Rwanda DHS Final Report (2010)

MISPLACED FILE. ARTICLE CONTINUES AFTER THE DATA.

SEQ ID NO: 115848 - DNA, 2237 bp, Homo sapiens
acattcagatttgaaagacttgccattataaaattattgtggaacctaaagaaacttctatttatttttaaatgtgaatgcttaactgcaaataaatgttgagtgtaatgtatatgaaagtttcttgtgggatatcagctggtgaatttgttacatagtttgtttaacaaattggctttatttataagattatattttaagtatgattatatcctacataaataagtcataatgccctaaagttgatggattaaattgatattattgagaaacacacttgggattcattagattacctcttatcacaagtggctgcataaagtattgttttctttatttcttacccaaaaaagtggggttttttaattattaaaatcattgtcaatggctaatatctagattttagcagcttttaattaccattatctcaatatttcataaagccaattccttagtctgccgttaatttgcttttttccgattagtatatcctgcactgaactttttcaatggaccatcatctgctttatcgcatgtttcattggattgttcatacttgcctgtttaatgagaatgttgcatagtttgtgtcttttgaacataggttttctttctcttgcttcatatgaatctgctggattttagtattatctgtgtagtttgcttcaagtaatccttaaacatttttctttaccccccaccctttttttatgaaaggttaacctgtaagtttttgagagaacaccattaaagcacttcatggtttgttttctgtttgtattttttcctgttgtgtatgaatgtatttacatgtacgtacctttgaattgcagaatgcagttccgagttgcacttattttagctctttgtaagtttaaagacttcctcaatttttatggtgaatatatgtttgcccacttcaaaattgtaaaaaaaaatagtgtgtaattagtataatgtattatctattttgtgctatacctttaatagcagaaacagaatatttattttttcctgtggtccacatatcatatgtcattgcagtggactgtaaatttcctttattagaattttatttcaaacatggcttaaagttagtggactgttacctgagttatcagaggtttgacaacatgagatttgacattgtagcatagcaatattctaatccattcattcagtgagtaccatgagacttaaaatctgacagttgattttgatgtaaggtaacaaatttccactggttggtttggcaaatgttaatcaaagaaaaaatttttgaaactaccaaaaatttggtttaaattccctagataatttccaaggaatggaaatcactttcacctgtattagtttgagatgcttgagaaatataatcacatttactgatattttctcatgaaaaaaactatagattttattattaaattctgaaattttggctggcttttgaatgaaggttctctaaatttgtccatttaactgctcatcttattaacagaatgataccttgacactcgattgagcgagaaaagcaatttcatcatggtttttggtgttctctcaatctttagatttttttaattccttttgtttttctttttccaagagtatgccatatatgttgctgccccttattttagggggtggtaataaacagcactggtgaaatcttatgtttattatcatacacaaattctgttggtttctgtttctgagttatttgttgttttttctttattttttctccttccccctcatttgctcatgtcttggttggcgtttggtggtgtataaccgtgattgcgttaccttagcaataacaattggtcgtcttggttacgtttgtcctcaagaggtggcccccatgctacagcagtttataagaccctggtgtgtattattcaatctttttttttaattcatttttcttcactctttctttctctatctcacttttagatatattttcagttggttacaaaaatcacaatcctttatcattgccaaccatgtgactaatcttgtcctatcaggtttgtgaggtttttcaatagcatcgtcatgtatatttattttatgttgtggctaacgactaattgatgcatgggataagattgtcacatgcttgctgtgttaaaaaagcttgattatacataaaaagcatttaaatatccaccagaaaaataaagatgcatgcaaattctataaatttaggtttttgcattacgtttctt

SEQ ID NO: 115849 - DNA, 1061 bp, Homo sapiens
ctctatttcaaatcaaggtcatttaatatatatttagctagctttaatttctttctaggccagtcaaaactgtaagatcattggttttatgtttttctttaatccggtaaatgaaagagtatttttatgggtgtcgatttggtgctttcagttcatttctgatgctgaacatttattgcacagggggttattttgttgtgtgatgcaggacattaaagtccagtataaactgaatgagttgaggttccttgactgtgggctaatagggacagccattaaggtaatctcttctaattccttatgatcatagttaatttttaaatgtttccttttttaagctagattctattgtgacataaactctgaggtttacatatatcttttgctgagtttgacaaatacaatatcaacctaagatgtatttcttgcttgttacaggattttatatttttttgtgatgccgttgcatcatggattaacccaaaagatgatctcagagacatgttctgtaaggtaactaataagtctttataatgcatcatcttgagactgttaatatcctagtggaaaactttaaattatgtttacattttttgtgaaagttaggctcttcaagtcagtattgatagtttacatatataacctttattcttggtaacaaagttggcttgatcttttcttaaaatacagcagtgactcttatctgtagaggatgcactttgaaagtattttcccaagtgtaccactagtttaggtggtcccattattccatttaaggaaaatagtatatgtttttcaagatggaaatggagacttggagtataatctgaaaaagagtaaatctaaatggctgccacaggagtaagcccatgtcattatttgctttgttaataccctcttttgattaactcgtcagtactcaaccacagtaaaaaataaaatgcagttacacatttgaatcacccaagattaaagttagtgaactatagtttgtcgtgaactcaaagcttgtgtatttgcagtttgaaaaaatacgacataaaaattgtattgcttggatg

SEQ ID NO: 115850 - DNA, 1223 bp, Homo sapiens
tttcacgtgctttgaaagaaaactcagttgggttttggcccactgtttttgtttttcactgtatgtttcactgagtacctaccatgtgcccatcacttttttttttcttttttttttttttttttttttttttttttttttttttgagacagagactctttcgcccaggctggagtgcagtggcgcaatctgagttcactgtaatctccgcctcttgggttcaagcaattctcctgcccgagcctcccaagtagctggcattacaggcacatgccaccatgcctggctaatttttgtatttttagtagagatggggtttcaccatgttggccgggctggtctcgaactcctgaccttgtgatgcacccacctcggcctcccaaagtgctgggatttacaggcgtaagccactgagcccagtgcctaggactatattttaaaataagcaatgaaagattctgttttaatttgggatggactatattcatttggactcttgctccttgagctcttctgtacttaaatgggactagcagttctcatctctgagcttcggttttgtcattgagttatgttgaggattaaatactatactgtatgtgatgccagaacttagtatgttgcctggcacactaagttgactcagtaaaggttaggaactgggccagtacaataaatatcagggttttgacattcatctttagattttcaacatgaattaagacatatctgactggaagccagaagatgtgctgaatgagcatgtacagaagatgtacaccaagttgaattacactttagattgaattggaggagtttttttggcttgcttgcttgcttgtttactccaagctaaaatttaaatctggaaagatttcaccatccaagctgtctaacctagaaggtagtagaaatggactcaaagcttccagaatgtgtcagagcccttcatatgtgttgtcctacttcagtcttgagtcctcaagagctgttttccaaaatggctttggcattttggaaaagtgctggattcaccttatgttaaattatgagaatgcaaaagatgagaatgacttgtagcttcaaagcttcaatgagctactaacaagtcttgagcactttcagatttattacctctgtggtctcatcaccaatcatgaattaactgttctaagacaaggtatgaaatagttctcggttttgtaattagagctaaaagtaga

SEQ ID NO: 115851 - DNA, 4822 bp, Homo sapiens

Publication date: 2012